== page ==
Pennsylvania has come up with what may be a reasonable solution to deal with repeat drunk driving offenses. In a bid to keep first-time offenders from becoming repeat offenders (and to keep repeat offenders off the roads), the state’s proposed bill would mandate that drunk drivers use ignition interlock devices and blow a sample every time they start their vehicle.
In 2013, more than 5,600 ignition interlock devices were installed in vehicles in Pennsylvania. But more than 48,200 Pennsylvanians were arrested for DUI. By making these devices mandatory after a first offense, the state aims to decrease the number of drunk drivers on the roads.
Another new bill that deals with drunk drivers outlines a five-year mandatory minimum sentence for repeat DUI offenders guilty of causing a fatal crash while inebriated.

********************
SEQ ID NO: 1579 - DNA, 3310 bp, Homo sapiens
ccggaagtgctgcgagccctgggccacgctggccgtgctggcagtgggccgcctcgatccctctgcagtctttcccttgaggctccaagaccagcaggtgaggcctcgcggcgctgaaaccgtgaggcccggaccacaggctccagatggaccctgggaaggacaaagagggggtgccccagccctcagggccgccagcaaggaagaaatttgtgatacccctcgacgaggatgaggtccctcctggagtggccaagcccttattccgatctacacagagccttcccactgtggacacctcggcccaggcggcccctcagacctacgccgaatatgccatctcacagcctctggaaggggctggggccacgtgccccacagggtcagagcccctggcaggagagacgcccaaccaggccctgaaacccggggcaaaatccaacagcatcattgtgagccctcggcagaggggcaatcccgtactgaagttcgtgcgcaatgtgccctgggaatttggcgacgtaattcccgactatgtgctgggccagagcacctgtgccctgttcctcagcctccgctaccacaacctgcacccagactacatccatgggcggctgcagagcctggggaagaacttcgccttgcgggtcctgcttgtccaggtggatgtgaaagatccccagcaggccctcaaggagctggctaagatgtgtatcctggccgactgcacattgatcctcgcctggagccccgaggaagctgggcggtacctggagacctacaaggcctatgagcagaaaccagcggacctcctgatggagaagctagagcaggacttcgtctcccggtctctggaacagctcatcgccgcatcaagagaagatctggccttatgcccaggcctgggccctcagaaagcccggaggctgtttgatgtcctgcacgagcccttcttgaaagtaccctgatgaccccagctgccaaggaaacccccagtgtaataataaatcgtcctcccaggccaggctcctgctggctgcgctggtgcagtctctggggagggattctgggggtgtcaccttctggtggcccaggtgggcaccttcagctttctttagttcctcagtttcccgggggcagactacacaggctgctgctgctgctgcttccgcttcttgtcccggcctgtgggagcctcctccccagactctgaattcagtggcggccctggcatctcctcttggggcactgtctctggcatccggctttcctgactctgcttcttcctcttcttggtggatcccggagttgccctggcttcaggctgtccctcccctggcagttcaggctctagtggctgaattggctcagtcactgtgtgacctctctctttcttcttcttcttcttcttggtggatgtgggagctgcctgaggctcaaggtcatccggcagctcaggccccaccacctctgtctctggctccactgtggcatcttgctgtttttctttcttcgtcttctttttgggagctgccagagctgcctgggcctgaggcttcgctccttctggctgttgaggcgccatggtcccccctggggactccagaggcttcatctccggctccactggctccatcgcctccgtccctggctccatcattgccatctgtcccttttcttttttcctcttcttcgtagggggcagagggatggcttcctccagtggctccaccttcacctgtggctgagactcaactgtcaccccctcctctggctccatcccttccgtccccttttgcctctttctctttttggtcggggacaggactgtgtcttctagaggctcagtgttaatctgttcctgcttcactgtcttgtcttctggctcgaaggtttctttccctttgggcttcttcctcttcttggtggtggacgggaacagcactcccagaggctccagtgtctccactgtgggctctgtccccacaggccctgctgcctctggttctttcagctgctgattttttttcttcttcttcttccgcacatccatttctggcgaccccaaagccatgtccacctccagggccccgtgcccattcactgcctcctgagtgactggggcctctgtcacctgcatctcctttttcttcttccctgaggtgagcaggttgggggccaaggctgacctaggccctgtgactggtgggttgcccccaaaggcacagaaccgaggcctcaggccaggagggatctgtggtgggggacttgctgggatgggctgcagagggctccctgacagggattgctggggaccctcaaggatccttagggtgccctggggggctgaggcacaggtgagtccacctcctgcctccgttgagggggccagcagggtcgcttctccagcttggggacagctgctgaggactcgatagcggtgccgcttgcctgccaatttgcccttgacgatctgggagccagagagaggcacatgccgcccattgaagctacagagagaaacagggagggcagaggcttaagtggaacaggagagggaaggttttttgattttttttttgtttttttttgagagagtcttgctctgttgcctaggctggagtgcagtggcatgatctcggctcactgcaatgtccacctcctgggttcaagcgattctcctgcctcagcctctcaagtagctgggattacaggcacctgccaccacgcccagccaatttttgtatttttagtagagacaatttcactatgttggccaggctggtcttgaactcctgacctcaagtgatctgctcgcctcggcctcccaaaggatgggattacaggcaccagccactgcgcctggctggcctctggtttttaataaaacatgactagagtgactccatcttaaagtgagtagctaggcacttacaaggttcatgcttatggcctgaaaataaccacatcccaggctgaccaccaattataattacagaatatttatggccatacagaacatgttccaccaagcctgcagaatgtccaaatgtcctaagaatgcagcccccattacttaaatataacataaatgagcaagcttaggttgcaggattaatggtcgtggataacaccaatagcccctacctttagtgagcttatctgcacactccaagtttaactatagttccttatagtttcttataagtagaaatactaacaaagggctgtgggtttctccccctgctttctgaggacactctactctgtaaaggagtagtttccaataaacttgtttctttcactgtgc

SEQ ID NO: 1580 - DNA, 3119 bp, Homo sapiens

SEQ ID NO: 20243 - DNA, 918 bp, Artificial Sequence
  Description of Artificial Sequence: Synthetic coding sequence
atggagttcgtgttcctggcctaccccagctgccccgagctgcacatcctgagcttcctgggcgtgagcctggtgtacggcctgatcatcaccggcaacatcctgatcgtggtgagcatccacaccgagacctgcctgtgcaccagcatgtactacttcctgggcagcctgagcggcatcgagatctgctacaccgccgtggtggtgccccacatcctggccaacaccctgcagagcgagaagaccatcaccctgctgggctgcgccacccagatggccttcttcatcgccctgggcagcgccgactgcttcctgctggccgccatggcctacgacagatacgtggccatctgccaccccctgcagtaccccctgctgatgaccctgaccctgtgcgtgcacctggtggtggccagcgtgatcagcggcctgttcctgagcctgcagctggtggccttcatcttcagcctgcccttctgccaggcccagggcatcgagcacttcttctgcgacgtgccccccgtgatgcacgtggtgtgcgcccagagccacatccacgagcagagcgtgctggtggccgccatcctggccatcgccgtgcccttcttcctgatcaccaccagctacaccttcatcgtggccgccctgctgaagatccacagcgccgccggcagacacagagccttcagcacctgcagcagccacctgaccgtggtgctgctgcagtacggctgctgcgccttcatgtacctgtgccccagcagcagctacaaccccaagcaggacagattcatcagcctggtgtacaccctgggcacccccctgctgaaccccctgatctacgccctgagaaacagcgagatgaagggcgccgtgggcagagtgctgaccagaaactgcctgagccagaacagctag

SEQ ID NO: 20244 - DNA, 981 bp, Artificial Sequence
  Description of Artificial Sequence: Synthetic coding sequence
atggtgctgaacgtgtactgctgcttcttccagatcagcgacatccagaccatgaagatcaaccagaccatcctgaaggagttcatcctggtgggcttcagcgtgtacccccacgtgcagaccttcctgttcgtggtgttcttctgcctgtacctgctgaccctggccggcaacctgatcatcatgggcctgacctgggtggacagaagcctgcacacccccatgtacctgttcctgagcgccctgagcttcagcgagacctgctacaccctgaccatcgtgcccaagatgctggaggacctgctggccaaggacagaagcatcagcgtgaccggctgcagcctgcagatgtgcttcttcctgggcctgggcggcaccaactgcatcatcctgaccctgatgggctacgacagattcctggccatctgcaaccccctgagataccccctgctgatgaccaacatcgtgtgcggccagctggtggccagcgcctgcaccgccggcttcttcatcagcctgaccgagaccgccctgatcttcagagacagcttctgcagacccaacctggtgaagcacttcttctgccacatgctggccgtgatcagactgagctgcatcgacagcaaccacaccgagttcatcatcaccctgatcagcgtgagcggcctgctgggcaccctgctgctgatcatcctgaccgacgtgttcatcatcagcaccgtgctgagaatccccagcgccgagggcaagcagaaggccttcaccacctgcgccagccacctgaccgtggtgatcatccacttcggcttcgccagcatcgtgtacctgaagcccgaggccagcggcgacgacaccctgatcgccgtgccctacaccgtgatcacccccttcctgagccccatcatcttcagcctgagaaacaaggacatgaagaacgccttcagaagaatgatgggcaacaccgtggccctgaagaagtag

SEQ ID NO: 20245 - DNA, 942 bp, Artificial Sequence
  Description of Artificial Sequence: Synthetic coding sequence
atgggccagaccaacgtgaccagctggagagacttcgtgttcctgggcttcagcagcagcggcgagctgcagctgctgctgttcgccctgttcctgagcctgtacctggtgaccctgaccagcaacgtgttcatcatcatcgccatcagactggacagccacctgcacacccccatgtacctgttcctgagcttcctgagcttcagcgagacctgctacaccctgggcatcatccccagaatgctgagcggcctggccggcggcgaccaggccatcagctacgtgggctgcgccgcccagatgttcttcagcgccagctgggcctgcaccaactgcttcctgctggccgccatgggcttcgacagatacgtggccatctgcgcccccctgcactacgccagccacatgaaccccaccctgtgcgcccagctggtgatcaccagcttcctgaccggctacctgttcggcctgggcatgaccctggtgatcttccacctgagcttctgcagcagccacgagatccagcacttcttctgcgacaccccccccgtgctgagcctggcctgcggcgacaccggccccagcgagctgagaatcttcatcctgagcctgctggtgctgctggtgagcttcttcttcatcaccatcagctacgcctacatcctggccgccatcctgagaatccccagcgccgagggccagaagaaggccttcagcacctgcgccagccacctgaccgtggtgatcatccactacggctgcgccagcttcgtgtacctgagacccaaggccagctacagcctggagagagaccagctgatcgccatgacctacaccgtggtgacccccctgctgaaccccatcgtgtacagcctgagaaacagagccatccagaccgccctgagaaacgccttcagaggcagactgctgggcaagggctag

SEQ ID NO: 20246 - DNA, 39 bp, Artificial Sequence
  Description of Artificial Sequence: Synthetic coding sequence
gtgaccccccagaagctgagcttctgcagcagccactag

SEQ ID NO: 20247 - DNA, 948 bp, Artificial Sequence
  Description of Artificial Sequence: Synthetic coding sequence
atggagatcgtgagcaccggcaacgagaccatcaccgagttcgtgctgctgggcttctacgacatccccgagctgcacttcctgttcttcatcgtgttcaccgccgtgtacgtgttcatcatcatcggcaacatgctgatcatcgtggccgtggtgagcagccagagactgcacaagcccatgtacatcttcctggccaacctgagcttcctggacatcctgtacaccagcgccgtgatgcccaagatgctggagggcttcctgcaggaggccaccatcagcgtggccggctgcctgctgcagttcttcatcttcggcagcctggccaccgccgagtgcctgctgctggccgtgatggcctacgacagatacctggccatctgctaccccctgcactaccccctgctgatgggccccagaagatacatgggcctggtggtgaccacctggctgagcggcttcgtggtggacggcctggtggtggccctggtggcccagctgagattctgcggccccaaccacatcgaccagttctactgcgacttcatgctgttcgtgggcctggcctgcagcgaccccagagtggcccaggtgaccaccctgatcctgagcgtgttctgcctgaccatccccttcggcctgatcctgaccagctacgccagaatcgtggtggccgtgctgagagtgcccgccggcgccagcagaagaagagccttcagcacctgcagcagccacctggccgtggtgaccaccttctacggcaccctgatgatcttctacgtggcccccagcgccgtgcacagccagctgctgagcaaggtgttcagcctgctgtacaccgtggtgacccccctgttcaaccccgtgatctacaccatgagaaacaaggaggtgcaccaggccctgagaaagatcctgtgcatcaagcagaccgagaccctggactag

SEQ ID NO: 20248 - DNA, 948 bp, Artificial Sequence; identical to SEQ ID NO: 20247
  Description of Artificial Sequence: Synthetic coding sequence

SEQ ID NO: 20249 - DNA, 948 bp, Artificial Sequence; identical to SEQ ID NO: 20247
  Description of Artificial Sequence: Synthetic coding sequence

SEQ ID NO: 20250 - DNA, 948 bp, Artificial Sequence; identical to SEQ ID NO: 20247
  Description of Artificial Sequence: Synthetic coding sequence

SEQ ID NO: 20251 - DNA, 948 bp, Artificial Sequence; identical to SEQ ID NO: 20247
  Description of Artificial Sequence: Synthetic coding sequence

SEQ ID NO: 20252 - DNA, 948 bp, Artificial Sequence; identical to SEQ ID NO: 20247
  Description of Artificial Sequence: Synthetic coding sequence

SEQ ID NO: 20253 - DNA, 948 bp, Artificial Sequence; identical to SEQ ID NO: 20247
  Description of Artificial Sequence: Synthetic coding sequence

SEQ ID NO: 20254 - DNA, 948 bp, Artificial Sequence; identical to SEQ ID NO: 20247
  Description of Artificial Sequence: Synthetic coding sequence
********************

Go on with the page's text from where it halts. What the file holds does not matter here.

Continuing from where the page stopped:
On the surface, these two pieces of legislation sound like they may be effective. But opponents suggest that the motivation for such legislation is to get cash back from ignition interlock installers.
The core of the debate is not so much what may work to curtail drunk driving, but what to do with an individual with a serious drinking problem who keeps drinking no matter what.
Laws can be passed. Programs launched. Penalties can be increased. Prison time may be extended. Unless drunk drivers want to quit drinking of their own volition and are not forced into going dry by the law, the problem continues. Every state has the same issues with their drunk drivers. Ultimately, drinking and driving remains a social addiction. Frequently, it is poorly addressed by legal sanctions.